PRAGUE (Reuters) - Construction work on a pipeline that will allow gas to be sent from western Europe to Ukraine is on schedule and the contracted capacity will be available from Sept. 1, Slovak pipeline operator Eustream said on Thursday.
Ukraine uses about 50 billion cubic meters (bcm) of gas a year and has increased efforts to secure more gas from the European Union after Russian producer Gazprom raised prices for supplies to Ukraine in a spat that has added to the crisis in the former Soviet state.
Russia covered half of Ukraine’s gas needs last year but halted supplies on June 16 over the price disagreements and Kiev’s outstanding debt for earlier deliveries.
The Slovak pipeline - an upgraded older link leading from the Vojany power station near the Ukrainian border to the western Ukrainian town of Uzhorod - can supply up to 10 bcm of gas a year and an Eustream spokesman said this capacity would be available on an interruptible basis from September and on a firm basis from March 2015.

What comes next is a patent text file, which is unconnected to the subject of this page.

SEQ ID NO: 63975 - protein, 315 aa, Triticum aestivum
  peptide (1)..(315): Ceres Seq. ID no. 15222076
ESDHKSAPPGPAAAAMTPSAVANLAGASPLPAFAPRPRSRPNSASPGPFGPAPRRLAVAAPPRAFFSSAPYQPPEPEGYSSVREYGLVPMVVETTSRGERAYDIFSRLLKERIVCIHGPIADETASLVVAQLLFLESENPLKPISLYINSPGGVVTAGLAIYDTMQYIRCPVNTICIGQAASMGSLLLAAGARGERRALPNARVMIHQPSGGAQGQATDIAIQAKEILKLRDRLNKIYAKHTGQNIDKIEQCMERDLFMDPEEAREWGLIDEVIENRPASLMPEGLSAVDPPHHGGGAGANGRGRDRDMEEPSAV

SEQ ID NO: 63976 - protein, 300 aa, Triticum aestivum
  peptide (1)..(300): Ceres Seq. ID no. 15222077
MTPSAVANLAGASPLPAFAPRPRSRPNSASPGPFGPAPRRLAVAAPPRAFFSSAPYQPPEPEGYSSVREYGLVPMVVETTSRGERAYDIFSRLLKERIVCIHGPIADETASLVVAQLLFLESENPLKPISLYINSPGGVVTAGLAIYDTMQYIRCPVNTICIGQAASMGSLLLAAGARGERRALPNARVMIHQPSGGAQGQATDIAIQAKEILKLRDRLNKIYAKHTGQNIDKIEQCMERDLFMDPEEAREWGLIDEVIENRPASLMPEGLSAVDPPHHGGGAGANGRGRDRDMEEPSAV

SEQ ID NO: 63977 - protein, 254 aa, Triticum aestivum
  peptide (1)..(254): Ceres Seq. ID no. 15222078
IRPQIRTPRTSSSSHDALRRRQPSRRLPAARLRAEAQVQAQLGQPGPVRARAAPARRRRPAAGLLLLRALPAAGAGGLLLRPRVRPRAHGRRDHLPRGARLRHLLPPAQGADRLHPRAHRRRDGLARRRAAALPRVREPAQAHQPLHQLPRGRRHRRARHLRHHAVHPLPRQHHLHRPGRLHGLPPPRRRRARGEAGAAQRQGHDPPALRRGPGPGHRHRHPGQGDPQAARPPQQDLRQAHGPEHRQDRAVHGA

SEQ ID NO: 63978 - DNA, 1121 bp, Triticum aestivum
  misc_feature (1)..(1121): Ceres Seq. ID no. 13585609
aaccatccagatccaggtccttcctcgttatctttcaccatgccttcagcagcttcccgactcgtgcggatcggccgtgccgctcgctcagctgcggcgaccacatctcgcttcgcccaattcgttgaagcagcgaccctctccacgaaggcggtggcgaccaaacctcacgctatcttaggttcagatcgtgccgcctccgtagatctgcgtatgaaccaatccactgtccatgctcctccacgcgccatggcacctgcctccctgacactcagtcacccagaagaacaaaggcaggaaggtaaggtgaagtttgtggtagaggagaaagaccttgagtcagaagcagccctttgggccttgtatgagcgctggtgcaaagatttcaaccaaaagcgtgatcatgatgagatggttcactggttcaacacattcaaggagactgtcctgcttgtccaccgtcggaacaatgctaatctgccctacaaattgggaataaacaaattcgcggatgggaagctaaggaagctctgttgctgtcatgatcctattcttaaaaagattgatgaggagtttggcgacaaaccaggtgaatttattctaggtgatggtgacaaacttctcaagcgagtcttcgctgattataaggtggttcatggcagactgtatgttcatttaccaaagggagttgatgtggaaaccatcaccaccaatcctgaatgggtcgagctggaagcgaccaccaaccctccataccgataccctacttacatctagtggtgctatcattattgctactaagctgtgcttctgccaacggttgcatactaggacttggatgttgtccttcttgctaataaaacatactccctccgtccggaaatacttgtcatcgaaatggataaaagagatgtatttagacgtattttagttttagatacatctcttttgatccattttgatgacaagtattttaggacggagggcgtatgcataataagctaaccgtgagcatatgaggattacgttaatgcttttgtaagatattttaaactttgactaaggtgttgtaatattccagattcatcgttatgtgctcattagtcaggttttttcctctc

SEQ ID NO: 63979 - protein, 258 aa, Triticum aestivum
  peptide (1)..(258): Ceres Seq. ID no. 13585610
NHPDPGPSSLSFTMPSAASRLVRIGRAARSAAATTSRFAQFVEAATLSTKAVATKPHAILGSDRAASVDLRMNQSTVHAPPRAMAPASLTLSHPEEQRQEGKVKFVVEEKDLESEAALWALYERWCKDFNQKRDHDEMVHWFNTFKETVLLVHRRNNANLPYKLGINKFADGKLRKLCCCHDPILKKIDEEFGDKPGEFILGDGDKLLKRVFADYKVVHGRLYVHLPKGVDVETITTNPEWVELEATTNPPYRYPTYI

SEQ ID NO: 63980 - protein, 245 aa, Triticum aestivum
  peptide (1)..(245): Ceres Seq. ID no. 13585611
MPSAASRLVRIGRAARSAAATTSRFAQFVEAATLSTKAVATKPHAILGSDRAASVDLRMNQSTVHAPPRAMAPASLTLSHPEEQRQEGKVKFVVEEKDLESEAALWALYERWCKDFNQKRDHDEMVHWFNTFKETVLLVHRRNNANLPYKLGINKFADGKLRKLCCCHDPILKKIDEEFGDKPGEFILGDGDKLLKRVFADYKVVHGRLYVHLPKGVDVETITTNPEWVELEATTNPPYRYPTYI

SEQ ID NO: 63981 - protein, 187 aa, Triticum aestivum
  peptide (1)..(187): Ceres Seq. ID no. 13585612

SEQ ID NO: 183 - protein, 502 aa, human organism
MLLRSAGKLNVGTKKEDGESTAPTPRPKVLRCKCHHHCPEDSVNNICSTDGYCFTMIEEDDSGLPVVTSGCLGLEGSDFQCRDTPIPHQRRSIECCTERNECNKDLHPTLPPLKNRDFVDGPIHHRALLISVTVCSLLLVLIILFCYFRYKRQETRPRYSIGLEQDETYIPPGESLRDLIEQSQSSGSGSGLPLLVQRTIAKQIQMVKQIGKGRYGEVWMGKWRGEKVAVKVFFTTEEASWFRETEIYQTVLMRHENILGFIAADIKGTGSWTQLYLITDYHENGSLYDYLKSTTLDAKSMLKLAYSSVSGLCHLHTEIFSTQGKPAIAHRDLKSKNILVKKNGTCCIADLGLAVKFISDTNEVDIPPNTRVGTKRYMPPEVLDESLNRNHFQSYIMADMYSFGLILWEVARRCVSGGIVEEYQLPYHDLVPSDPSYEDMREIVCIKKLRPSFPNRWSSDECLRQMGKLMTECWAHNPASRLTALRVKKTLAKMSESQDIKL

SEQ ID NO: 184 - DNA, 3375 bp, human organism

Testing of the pipeline will start in late August, the company said, adding that full capacity was booked until 2019.
Combined with available connections from Hungary and Poland, Ukraine can get obtain up to 16-17 bcm of gas from western Europe. Real flows through the existing Polish and Hungarian connections, however, have been smaller in the past two weeks, with Ukraine citing reluctance of companies within the EU to antagonize Gazprom.
Eustream said it has also moved ahead with constructions on an interconnector with Hungary, which should start test operations in September.
Reporting by Jan Lopatka and Jason Hovet; Editing by Jason Neely and David Goodman